Except for Shelby County (Memphis, TN), the counties listed above are rural. To get a sense for filing patterns in urban areas, the table below considers only counties with an adult population of 250,000 or more and shows the urban counties with the five highest and five lowest filing rates so far this year. After Memphis atop the list (with more than three times the national average), the highest filing rates are mostly in the southwest: Las Vegas in Nevada and Riverside and San Bernardino in California. Milwaukee is noteworthy as a newcomer to this list – bankruptcy filings there last year were not nearly so noteworthy. At the other end of the spectrum, none of the urban areas with the lowest filing rates are in the Western half of the country. The top five, all with less than one third the national filing rate, are McAllen, Texas, New York City, Charleston, South Carolina, Austin, Texas and the District of Columbia, in that order. Again, McAllen, New York, and Austin underscore the markedly low filings this year in Texas and New York, while Las Vegas, San Bernardino, and Riverside underscore the continuing high filing rates in California and Nevada.

Shelby (Memphis, TN)14067 (9422)
Riverside (Riverside, CA)10788 (16288)
Clark (Las Vegas, NV)10584 (14836)
San Bernardino (San Bernardino, CA)10153 (14382)
Milwaukee (Milwaukee, WI)9780 (7024)
District of Columbia1483 (720)
Travis (Austin, TX)1433 (1117)
Charleston (Charleston, SC)1394 (390)
New York (New York, NY)1381 (1891)
Hidalgo (McAllen, TX)1313 (618)
Calculations based on year-to-date filings. Table shows total filings in parentheses. Excludes counties with less than 250,000 adult inhabitants. National average is 4500 filings per million adult inhabitants.

Another noteworthy trend is the sharp disparity in changes in filing rates since last year. Confirmation that the fall in filings has spread throughout the nation comes from the short list of states with filing increases over last year. The only States with filings up from last year are the relatively small states of Delaware and Utah (up by 12% and 6% respectively). At the other end of the distribution, although most states have seen filings fall, several states have seen truly remarkable drops: filings are down by 30% in Vermont and by 20% or more in Washington DC, West Virginia, and North Dakota.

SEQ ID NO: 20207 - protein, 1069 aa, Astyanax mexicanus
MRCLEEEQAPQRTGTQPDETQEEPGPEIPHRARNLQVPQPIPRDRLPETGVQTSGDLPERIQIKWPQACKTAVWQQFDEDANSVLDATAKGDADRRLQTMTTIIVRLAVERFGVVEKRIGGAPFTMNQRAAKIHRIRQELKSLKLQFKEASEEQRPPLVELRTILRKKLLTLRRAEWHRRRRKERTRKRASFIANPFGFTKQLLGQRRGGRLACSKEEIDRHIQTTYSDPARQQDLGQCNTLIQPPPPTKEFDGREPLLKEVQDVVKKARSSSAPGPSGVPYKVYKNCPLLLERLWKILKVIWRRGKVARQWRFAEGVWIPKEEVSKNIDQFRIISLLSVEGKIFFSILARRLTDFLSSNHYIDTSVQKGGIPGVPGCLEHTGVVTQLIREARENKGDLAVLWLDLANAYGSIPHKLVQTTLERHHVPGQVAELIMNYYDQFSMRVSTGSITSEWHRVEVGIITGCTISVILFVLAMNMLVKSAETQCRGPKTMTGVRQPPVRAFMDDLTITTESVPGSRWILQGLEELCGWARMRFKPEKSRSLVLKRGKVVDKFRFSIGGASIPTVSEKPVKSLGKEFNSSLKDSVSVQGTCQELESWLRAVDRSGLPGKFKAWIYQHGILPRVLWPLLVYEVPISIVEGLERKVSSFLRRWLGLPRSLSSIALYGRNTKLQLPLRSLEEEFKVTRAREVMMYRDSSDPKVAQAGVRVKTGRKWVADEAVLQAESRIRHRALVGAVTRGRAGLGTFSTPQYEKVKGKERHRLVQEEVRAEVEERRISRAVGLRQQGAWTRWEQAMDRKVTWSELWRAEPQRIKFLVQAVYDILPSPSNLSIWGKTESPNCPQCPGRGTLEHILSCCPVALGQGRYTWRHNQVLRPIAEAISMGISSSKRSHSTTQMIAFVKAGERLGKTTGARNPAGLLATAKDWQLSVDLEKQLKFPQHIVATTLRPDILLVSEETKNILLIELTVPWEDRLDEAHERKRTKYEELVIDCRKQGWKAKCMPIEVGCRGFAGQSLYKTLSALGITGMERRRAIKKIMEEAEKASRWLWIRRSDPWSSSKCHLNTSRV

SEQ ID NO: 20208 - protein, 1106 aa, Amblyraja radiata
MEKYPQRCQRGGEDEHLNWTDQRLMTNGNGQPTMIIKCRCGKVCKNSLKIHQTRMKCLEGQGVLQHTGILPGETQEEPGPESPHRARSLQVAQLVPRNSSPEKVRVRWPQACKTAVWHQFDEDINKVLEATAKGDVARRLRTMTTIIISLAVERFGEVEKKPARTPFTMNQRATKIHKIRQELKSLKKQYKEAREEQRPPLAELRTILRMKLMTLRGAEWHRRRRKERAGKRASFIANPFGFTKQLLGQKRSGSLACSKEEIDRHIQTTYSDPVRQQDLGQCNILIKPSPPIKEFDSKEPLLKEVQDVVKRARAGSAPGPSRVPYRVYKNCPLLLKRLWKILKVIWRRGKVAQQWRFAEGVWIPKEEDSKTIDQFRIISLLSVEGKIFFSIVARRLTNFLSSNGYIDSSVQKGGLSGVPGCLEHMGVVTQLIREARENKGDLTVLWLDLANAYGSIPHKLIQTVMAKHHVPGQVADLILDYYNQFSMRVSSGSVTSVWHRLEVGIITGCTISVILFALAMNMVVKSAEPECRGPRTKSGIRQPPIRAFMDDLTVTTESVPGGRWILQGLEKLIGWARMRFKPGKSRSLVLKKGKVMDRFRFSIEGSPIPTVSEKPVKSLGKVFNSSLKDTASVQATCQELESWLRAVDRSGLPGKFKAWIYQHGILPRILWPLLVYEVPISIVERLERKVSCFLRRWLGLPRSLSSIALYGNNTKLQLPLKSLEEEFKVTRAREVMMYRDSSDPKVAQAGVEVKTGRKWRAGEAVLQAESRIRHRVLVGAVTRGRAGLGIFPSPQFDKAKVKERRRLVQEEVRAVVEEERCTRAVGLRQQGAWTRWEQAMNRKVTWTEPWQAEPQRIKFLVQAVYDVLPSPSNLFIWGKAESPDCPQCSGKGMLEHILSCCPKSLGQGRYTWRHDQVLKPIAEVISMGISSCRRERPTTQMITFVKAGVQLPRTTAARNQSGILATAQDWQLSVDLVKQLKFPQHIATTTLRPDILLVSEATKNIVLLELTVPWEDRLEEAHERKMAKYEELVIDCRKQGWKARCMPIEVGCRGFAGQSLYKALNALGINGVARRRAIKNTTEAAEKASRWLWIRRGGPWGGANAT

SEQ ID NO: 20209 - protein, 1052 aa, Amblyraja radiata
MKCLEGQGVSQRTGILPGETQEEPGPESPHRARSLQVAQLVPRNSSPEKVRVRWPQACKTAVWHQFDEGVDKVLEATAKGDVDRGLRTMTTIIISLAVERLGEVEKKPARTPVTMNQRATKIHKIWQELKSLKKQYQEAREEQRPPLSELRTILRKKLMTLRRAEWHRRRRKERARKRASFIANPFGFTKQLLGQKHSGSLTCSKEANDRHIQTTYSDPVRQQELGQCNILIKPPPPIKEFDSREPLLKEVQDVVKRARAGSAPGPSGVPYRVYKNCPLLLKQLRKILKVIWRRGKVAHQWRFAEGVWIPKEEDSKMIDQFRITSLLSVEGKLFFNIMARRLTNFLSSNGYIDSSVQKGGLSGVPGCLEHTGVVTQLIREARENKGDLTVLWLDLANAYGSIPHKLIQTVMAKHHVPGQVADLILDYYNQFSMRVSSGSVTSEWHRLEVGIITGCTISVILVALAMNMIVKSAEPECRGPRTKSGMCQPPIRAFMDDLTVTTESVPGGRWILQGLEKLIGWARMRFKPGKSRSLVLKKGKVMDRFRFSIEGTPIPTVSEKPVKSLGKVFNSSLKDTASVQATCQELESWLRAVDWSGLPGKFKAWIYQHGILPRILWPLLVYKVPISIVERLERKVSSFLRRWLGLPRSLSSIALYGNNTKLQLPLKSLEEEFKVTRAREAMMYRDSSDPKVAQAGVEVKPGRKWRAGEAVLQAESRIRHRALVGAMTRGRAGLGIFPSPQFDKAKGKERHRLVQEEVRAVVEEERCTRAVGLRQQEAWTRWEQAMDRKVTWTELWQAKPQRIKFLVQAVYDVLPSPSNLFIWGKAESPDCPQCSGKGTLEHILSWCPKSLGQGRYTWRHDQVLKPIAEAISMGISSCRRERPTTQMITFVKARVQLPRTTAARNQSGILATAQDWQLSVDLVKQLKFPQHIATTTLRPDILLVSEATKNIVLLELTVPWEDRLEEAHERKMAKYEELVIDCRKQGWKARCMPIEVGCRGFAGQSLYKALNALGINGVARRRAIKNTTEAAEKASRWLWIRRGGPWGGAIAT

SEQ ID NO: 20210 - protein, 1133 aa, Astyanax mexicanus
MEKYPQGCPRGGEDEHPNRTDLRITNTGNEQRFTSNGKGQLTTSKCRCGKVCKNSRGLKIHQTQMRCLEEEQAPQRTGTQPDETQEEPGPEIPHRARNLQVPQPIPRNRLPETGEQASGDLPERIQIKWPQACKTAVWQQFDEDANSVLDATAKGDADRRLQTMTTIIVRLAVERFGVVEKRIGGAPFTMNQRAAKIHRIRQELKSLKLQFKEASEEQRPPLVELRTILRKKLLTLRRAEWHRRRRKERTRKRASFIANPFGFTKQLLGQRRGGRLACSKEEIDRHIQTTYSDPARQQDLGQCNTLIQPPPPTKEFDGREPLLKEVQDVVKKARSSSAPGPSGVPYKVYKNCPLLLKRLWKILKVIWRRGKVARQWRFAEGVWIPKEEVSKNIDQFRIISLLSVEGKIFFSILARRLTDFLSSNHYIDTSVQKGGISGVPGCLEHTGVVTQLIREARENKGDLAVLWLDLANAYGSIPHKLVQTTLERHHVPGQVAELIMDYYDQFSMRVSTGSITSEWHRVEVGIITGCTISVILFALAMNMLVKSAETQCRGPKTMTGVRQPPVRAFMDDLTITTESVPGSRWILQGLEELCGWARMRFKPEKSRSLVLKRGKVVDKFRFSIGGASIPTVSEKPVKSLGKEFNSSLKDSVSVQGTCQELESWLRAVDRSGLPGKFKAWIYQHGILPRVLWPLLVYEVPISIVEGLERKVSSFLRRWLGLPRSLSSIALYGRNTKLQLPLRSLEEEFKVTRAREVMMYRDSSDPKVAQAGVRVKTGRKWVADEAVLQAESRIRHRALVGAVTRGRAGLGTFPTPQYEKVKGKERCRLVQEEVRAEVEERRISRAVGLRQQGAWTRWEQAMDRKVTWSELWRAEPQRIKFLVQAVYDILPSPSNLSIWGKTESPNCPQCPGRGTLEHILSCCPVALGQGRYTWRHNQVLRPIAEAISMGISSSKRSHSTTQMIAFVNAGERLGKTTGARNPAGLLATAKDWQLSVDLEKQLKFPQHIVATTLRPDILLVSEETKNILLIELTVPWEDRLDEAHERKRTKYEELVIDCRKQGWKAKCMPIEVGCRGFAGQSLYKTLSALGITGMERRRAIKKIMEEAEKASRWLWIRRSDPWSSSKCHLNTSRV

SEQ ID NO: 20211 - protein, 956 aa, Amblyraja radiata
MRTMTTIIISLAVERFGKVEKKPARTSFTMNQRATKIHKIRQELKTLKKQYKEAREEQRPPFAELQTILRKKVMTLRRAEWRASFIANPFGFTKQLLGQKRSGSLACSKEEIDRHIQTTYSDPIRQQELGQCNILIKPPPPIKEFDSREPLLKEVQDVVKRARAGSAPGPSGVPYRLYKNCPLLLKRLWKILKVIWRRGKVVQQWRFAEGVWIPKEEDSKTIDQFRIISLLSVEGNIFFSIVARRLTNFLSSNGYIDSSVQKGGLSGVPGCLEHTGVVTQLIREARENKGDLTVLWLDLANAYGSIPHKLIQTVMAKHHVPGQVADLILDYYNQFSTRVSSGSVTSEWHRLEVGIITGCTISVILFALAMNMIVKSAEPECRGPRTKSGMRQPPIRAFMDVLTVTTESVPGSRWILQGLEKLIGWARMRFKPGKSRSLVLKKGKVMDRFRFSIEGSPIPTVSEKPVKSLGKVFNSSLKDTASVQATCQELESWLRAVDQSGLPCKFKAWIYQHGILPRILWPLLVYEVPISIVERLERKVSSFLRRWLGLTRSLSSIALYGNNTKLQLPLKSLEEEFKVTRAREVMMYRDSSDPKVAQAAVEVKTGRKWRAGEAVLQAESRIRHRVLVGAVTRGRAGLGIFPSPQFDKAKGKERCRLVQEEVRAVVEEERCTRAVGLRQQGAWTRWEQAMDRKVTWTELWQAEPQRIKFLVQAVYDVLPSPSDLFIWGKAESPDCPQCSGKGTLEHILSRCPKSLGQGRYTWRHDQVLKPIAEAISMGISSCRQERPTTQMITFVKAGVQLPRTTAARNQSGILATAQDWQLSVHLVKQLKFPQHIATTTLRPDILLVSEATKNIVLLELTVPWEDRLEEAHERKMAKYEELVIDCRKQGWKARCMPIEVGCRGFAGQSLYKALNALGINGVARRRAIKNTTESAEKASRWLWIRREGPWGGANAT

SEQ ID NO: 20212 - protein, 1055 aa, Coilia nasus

The most interesting point in filing trends comes from comparing the adjacent states of Nevada and California. Although Nevada has had the highest filing rate in the country every month since the beginning of 2010, its filings during 2011 have fallen 18% this year compared to 2010. By comparison, neighboring California’s 2011 filings are down only 5% from its 2010 filings. Its large population makes this important to national trends: in September, for example, more than one in every six bankruptcy filings nationwide was in California. The result is that California has steadily risen through the ranks this year so that by mid-year its overall filing rate (6600 filings/million adults) is almost one and a half times the national average. The good news is that California’s filings finally appear to have experienced a break; filings in September in California were down 7% from August (on a seasonally adjusted basis) and 18% from last year.

This analysis was performed on data collected by the National Bankruptcy Research Center (NBKRC) by NBKRC contributor Professor Ronald Mann of the Columbia Law School.